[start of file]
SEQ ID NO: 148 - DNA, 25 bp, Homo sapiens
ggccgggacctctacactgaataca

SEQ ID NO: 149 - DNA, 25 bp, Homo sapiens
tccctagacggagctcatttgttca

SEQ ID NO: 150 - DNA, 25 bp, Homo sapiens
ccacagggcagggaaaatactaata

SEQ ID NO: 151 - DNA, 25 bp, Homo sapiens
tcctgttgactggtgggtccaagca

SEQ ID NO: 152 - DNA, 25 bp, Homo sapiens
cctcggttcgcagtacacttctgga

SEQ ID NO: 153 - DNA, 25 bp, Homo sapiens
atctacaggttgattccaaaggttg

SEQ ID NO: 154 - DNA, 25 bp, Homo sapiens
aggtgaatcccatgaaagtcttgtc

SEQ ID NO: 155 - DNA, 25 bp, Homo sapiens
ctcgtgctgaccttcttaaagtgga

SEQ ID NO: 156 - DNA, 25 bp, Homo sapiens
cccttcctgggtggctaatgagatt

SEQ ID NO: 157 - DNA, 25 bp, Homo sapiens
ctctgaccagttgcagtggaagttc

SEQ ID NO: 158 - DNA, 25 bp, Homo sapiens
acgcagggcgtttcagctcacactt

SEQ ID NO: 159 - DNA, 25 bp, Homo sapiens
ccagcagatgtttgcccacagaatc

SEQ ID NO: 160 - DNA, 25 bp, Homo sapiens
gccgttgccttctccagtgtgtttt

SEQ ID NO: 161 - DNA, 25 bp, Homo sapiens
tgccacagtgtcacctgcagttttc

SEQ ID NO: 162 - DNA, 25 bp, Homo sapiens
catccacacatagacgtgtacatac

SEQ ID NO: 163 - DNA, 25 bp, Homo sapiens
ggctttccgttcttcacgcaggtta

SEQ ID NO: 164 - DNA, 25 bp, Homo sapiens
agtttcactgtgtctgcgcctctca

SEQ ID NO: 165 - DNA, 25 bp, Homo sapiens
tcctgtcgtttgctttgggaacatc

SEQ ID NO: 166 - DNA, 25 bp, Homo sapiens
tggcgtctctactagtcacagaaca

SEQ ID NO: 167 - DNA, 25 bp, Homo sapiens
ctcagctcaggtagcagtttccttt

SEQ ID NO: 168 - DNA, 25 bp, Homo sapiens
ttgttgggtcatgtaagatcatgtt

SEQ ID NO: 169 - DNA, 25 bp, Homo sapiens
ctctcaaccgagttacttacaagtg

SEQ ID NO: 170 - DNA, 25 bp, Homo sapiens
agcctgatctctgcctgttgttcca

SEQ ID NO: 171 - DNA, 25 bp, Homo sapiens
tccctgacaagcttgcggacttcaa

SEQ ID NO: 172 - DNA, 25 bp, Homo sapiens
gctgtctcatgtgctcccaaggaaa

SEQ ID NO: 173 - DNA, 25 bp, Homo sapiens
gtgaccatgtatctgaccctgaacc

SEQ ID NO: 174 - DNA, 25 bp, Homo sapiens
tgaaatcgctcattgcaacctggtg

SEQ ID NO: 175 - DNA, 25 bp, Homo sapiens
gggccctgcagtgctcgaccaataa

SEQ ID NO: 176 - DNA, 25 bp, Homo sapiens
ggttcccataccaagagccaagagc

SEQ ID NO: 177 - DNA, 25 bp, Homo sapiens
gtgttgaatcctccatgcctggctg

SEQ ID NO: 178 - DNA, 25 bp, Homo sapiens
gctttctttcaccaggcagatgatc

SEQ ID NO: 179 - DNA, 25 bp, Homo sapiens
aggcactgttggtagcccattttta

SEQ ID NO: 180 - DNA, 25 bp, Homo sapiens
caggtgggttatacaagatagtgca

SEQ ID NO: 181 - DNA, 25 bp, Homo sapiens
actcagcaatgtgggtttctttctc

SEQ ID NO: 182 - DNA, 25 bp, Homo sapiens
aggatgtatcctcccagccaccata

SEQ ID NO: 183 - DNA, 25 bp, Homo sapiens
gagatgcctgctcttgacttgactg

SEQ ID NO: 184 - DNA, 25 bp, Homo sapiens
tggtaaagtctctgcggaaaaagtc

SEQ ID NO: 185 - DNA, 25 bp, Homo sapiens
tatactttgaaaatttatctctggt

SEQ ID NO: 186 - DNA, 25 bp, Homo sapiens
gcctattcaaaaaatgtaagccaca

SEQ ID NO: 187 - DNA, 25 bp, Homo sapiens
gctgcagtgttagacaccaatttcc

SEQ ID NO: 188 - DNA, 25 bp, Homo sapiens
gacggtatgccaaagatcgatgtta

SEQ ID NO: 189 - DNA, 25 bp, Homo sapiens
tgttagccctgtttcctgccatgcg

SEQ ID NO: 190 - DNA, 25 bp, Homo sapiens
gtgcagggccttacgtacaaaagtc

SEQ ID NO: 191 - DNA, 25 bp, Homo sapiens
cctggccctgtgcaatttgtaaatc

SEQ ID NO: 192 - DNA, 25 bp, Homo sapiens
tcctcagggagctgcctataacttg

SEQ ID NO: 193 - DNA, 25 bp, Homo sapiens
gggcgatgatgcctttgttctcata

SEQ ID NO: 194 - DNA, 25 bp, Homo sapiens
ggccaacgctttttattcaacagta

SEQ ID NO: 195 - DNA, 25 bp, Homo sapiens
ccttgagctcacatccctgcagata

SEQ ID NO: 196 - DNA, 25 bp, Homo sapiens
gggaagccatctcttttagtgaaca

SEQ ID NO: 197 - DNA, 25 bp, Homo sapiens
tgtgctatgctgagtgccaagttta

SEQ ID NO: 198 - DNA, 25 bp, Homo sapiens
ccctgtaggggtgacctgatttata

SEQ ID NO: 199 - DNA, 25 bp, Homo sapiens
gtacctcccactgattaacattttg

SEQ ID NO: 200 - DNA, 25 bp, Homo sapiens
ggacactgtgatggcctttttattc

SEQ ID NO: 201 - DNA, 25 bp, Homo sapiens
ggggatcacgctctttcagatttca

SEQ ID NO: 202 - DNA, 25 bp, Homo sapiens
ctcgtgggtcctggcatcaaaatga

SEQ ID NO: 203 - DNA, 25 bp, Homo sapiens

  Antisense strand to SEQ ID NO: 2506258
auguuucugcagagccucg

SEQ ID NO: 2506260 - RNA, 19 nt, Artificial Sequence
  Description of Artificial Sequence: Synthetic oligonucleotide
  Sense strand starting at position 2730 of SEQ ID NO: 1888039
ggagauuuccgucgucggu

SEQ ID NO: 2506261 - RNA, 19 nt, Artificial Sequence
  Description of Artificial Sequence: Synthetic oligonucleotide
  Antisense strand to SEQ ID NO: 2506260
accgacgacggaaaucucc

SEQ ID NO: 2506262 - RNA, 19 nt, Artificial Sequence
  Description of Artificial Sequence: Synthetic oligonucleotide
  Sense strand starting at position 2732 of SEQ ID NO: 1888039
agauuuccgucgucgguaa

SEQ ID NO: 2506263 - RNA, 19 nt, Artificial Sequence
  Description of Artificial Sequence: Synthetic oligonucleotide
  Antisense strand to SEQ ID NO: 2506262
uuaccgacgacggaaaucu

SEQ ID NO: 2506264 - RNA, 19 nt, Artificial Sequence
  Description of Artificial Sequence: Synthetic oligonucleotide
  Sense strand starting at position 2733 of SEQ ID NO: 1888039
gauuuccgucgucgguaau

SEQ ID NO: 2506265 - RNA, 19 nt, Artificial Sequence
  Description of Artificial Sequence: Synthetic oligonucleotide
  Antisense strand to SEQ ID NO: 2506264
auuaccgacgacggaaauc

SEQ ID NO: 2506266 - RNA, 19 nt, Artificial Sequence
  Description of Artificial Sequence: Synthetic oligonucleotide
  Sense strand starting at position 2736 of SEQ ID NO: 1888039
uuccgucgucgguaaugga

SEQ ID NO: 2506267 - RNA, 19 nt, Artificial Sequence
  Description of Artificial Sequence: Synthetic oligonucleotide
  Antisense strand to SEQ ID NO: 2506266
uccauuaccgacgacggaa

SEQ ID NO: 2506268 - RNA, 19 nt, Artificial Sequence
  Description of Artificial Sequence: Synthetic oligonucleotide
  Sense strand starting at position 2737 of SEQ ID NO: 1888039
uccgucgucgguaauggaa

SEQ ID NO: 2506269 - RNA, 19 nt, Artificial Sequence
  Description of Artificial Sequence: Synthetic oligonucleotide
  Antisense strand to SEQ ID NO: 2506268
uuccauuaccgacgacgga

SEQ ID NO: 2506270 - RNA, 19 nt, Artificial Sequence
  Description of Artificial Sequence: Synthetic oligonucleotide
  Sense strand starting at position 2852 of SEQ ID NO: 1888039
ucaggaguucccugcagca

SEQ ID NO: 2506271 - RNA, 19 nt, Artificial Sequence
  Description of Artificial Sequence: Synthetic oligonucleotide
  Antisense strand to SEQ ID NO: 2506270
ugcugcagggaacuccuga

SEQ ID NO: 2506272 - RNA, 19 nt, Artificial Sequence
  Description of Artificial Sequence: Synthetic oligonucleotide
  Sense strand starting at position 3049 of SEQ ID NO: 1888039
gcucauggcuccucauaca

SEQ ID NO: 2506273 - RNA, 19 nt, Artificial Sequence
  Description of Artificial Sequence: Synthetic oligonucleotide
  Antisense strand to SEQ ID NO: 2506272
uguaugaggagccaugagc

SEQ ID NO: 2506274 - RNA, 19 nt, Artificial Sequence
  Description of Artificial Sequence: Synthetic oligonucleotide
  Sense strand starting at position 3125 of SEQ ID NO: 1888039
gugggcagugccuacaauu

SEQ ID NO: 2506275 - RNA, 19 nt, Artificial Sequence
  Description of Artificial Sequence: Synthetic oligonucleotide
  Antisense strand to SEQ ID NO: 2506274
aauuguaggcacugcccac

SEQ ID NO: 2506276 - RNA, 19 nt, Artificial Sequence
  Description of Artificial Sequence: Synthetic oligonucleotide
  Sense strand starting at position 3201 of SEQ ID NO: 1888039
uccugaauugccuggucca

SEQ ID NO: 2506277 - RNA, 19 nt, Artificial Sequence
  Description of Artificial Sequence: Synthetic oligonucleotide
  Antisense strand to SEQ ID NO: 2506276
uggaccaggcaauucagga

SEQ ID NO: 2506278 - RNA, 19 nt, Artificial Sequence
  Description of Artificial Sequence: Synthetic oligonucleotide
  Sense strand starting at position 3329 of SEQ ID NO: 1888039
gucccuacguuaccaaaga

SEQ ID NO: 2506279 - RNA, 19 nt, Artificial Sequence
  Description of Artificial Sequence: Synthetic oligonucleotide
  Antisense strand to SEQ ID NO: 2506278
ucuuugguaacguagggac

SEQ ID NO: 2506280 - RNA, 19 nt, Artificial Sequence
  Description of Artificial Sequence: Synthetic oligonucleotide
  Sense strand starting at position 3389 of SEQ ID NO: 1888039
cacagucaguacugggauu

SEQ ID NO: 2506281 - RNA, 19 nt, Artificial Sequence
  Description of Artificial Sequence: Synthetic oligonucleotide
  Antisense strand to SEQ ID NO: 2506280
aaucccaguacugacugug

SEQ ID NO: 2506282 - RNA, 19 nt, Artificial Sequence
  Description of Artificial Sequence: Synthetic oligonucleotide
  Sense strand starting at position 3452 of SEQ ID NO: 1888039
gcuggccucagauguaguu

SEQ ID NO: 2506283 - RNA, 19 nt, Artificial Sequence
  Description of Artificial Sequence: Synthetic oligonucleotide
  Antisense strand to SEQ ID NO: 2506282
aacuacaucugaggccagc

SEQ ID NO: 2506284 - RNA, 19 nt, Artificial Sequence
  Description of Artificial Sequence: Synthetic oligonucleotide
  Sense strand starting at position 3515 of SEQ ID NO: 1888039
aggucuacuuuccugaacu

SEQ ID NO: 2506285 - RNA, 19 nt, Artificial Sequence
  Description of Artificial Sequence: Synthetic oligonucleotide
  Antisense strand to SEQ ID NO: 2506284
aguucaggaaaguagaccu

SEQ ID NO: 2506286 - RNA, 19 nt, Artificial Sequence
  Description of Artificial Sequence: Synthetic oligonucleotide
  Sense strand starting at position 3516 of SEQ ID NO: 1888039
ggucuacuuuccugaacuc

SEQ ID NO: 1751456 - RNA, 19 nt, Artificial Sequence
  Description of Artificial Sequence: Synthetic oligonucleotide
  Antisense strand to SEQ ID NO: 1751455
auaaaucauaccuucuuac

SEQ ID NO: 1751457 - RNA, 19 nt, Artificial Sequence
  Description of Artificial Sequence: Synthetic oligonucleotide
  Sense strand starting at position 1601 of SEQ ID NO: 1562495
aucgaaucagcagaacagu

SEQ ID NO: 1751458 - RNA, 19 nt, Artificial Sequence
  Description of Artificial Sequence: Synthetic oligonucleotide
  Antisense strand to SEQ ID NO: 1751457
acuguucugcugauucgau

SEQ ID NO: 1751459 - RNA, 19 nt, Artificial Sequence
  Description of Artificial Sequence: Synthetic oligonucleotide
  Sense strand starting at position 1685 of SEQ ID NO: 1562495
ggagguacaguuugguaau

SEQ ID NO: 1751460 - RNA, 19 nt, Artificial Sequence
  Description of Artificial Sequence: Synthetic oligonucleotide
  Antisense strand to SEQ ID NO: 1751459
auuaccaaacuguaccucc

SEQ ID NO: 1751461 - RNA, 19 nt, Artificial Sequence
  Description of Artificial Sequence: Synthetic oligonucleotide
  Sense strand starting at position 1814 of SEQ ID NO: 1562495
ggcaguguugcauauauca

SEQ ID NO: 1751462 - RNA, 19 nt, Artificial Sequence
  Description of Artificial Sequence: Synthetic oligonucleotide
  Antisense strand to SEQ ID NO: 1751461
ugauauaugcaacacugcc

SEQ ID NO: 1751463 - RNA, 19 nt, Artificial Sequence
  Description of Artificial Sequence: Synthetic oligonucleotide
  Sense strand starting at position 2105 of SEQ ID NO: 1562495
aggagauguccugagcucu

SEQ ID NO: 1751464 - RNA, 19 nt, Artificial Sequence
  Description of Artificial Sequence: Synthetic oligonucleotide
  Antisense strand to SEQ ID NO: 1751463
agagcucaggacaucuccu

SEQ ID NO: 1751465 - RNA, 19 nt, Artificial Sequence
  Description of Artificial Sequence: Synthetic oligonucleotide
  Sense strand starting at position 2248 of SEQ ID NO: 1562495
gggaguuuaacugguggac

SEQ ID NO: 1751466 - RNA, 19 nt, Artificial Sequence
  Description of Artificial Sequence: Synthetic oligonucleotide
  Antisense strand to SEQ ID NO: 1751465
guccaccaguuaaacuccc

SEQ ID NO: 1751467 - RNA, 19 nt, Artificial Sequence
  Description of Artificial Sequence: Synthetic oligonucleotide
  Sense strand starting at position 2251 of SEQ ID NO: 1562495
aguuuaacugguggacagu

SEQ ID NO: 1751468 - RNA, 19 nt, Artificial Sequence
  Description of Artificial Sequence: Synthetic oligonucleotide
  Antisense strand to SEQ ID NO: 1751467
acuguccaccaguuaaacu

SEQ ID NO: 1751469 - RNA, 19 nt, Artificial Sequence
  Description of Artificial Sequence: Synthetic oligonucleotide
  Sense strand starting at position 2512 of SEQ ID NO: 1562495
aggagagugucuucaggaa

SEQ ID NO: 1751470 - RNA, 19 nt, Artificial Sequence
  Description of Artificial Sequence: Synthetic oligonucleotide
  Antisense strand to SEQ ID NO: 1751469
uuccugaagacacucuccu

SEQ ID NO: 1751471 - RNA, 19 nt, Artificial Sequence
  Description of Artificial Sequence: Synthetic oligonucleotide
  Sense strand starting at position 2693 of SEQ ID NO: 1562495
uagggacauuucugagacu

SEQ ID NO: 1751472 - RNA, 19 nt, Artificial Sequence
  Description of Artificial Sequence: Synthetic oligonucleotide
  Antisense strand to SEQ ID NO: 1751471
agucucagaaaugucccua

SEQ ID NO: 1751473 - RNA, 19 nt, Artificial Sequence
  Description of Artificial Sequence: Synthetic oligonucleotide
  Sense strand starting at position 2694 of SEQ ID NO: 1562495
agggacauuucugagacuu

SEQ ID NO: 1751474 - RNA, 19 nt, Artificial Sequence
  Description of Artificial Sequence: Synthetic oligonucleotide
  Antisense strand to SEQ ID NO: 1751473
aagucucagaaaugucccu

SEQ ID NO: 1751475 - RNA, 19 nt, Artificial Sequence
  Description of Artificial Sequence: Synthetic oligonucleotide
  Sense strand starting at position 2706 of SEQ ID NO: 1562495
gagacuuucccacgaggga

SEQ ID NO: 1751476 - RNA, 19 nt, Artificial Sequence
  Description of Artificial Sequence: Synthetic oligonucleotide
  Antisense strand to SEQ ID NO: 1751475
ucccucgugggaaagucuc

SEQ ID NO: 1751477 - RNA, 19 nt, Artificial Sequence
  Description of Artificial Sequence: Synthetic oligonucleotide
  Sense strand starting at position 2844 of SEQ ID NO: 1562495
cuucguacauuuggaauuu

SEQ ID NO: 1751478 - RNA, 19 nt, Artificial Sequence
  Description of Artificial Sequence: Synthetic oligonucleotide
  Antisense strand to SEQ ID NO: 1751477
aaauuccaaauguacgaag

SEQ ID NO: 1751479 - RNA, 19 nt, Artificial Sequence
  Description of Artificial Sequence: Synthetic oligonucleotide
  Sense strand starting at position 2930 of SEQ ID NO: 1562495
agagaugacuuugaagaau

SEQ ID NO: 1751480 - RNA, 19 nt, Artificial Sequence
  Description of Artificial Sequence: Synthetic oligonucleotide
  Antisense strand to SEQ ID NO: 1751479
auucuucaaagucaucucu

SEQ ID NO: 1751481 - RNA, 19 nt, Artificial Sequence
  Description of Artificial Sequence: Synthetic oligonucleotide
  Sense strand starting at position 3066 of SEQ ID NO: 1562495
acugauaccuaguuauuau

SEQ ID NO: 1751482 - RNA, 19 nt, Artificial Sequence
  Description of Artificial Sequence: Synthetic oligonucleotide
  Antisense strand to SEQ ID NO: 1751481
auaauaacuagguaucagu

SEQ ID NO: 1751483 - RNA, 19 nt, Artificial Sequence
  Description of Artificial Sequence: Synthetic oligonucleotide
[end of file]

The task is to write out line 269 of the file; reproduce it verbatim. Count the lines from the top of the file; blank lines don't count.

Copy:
aguuuaacugguggacagu